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also living spaces and my understanding because kitchens always used and what you kind of learn or hear from things is, you know, once you lift the hearth in the kitchen, in never went out. just because it took so long to light back then the fireplace and get it running and it took so long to do everything that it was always running. you always had to have hot water or whatever on hand, someone had to be there to watch that fire and also just from the slave narratives they always talk about if they were the cook when, their mother was the cook, and we live in the kitchen, and there's also evidence of the narrative that supports this. kitchens were also living spaces. >> and the other room over there? >> known exactly what people
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were being fed in this kitchen? can't say what was being cooked or how often and how much you needed to be cooking at one time but i'm guessing that was also probably a secondary cooking space for them. without all the modern technology they have today, there is no way i could do survey work on my own. so that's why i'm very thankful that we have all this and that i have access to it because otherwise even just the digital measuring device that i use, i can't hold the end of one tape measure and block the other so i use a laser to measure things. now i'm taking some measurements of the room and the doors and the windows. i just finished measuring the fireplace but i will do this
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for each of the different spaces in this building and also overall dimension of the building and that's part of my digital survey form that i have that's linked to the gis coordinates. when i map it, all this comes up. >> i'm richard hassler, i work as a market manager and i've been involved in the atlantic slave trade project which is a philanthropic project that tremble has been working on for three or four years now. as part of that project, jobie hill has asked us to come and help document some of the sleeve houses in the virginia area. this particular house we are trying to capture laser scans of the entire exterior and interior of the house and when we laser scan, we run our skin are on a tripod and then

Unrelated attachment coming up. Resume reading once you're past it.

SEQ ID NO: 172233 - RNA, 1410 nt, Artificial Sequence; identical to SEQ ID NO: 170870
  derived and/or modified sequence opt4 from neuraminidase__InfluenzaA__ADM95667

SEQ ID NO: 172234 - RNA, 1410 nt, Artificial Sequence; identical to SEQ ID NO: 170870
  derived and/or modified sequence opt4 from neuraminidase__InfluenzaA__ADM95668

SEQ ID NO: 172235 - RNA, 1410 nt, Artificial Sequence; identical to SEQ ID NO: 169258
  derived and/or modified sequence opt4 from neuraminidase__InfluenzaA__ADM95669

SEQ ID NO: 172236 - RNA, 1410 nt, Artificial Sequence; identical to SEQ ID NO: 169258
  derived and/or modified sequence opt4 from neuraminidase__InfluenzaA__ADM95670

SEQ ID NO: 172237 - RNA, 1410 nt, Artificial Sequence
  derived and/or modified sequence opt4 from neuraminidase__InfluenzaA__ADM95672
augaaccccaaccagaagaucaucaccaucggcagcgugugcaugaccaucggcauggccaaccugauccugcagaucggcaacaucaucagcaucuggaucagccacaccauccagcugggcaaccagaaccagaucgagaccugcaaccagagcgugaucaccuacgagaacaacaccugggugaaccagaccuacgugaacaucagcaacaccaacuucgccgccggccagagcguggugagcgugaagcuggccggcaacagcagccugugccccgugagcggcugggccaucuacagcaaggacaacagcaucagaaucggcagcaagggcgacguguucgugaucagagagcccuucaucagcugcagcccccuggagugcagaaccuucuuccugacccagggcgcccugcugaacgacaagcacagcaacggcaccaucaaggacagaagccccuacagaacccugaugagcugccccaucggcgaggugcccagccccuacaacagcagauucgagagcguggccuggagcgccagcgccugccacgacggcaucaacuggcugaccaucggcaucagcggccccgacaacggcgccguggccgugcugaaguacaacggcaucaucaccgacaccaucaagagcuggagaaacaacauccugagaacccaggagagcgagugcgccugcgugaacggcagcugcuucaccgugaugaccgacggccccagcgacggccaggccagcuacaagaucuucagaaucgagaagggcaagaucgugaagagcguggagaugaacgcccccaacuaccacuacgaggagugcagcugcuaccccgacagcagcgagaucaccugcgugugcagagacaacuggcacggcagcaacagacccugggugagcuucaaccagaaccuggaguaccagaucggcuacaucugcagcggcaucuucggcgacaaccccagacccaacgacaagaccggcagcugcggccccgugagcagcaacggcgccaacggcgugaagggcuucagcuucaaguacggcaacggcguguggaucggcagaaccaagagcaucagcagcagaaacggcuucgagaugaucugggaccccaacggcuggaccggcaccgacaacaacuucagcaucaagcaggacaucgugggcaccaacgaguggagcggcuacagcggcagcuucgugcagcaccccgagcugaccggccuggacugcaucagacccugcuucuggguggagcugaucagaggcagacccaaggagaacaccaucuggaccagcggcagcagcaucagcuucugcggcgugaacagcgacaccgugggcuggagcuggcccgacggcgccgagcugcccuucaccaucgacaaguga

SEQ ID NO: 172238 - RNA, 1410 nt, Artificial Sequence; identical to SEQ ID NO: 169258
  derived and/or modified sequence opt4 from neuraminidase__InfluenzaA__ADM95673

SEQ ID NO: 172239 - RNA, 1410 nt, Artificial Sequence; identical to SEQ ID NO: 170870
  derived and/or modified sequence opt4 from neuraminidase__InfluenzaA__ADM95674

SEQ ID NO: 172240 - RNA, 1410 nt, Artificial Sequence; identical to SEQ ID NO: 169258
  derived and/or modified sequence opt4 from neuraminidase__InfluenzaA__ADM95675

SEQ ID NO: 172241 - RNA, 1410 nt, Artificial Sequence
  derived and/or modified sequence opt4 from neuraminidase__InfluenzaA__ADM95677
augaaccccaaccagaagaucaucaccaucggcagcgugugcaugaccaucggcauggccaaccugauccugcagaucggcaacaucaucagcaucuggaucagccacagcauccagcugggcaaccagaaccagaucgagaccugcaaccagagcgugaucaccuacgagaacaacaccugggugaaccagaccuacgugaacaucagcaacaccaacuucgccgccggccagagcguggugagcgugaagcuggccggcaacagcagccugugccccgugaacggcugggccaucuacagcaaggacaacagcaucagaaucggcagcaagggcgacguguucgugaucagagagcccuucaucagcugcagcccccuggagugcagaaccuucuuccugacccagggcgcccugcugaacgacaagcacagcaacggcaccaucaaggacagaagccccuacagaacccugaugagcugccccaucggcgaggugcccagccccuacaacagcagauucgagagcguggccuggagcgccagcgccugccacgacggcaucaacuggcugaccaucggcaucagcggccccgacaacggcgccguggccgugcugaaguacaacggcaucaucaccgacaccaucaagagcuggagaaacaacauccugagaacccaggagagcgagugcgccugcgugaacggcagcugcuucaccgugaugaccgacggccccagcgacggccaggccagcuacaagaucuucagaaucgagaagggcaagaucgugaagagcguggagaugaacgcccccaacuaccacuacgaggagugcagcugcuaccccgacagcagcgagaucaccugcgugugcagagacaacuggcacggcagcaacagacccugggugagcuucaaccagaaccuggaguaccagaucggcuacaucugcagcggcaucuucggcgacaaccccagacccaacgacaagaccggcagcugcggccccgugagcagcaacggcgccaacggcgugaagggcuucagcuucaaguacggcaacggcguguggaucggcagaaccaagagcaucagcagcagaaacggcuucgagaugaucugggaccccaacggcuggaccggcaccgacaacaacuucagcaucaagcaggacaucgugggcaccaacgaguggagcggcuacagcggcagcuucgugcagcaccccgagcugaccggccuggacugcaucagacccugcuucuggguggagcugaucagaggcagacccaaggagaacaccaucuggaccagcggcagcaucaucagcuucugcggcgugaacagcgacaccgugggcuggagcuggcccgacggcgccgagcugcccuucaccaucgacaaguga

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replace it with a camera that can take panoramic slr images and we can map that as the color from those images onto the laser scan and that provides a point cloud of three dimensional point cloud from which we can pull models using our sketch up software or which you can use our other software packages to pull measurements and other kinds of useful information out of it. >> how did trimble get involved in doing this philanthropic project? >> okay, one of the vice president is very passionate about africa and has spent many years there and as part of that, he has the ability to kind of help trimble choose what kinds of projects to use in this is when he was very, very passionate about so we got together with the organization in the past who documents world heritage sites around the world digitally and started to work